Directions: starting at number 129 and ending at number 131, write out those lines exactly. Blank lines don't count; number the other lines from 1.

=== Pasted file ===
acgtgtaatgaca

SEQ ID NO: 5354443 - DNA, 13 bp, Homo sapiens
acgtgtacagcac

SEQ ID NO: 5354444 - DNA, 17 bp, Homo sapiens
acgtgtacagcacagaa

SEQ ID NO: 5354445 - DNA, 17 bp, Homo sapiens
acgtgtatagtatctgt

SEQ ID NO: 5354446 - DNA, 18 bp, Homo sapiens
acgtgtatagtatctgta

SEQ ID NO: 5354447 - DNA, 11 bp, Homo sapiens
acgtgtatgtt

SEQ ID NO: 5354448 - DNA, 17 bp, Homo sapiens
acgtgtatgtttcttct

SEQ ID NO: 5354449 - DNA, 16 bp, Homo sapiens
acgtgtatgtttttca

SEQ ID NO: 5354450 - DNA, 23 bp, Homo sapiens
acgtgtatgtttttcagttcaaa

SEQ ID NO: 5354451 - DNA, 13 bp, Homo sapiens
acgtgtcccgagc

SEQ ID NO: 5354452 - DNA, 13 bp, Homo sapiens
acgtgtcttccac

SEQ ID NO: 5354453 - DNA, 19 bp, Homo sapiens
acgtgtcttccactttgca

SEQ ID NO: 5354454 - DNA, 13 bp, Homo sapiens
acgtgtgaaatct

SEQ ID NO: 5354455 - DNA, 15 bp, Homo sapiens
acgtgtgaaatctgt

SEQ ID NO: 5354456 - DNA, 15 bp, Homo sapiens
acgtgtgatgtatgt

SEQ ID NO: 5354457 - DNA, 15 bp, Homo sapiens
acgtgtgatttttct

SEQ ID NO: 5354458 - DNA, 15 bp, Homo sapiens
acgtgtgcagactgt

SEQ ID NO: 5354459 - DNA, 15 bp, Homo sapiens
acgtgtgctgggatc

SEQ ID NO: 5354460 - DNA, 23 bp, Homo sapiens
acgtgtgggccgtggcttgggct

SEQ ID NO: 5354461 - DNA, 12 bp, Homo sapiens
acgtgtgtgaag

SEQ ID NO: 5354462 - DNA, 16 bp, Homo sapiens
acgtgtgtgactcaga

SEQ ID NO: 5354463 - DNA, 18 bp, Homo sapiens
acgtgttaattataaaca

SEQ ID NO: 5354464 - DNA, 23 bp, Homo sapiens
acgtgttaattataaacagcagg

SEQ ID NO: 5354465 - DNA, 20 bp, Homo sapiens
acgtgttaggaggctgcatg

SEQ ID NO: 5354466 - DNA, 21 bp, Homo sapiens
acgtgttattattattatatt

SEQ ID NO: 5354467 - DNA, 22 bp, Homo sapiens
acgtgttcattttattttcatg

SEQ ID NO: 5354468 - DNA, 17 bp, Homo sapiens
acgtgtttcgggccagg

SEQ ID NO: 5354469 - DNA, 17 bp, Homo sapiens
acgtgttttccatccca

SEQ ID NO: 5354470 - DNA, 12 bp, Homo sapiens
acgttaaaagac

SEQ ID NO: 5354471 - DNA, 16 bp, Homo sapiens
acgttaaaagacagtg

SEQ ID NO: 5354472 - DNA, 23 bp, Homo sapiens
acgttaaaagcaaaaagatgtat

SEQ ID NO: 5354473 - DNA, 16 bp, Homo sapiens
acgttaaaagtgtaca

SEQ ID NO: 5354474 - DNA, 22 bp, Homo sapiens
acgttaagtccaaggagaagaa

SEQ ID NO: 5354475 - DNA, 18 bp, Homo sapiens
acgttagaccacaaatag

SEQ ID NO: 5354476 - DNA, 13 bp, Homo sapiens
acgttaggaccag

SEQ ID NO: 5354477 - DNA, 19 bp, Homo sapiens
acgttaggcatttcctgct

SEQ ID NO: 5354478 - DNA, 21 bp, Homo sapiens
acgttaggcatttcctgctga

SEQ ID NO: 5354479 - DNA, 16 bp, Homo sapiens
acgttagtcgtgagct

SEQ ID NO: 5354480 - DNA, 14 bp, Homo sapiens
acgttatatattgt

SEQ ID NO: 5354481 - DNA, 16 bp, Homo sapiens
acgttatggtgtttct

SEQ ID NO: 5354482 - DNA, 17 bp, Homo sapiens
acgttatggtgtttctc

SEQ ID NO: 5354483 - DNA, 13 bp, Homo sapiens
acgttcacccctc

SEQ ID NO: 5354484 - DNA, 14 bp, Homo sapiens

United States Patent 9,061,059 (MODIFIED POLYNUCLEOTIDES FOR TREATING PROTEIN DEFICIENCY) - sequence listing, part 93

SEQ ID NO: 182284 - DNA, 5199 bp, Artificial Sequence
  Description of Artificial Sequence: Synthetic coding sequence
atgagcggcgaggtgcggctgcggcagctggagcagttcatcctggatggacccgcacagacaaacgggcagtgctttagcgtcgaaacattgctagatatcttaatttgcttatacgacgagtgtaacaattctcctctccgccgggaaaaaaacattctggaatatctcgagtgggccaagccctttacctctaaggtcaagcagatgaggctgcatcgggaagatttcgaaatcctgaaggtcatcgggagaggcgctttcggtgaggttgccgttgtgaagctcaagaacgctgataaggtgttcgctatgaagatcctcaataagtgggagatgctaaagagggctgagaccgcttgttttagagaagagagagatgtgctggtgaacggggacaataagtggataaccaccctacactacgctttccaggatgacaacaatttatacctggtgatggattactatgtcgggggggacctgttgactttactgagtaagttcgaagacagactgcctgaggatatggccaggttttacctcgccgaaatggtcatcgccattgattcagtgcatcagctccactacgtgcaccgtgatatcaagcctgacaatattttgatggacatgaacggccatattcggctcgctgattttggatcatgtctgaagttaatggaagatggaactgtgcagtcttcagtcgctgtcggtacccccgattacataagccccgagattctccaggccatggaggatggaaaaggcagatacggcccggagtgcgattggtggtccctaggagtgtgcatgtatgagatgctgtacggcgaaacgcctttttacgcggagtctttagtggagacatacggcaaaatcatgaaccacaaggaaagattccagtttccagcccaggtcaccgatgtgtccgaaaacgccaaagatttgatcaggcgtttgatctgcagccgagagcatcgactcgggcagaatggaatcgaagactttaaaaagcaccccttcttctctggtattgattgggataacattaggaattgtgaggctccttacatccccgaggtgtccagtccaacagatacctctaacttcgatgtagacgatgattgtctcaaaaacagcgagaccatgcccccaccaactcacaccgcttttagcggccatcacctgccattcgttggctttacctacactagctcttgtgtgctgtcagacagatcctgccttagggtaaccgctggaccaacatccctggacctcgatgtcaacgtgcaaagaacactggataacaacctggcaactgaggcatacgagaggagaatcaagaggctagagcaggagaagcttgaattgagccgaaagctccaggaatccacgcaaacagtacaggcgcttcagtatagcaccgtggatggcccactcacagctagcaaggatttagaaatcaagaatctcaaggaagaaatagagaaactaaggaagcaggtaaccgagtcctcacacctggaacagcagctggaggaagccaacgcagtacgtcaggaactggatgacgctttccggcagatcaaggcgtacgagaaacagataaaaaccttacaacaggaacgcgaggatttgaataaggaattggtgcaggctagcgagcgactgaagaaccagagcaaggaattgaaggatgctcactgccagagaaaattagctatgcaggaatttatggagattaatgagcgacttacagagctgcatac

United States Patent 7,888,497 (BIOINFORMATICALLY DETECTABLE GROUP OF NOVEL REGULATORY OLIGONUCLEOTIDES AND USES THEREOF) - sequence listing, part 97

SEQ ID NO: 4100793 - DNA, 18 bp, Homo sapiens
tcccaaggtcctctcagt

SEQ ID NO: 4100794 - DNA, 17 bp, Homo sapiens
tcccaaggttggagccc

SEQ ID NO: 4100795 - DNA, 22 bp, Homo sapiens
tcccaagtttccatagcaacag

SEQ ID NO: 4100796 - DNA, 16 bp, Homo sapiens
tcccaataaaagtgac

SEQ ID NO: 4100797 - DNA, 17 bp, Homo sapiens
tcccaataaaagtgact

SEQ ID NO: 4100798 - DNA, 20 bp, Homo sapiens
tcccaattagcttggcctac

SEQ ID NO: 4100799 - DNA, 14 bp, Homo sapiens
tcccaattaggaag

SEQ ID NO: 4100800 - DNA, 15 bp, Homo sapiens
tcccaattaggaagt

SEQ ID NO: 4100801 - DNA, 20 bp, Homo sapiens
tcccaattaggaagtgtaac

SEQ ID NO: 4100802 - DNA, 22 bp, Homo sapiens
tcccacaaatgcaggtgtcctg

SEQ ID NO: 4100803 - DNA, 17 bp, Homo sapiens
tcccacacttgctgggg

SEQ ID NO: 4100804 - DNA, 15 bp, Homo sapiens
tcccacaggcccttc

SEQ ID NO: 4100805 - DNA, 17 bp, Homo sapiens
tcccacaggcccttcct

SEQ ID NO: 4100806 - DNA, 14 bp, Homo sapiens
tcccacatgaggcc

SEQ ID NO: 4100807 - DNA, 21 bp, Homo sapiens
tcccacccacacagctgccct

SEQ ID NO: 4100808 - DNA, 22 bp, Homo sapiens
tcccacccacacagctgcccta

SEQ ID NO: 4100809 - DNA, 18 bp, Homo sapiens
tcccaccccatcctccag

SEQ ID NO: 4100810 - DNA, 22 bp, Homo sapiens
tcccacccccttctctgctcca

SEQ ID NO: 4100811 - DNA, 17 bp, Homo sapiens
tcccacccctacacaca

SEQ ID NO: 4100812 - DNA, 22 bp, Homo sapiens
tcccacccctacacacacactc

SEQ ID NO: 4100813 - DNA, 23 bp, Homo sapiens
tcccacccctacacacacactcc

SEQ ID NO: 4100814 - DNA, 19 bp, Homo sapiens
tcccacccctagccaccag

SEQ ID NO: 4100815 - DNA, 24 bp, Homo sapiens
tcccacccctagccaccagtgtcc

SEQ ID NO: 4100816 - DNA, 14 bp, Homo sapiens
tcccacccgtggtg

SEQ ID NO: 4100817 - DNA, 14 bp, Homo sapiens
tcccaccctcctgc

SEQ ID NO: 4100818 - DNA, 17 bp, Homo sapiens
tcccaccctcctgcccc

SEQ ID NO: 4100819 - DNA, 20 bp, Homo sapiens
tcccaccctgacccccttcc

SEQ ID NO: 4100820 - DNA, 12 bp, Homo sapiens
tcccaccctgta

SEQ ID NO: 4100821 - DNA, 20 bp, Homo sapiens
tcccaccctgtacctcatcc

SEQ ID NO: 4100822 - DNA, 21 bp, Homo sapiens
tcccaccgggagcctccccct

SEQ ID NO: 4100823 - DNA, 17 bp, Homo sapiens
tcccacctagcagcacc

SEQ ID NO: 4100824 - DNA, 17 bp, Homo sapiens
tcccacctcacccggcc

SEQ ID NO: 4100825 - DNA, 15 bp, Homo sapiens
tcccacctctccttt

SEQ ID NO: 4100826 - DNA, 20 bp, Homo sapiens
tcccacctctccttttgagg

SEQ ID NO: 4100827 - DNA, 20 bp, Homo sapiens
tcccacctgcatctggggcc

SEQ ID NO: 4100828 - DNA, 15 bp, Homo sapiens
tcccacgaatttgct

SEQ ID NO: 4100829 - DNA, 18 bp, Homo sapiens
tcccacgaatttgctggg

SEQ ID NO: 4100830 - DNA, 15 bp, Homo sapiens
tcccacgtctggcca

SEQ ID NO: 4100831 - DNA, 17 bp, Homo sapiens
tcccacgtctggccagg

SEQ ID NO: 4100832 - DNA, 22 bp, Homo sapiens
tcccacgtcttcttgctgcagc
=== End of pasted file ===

tcccacccctacacacacactc

SEQ ID NO: 4100813 - DNA, 23 bp, Homo sapiens
tcccacccctacacacacactcc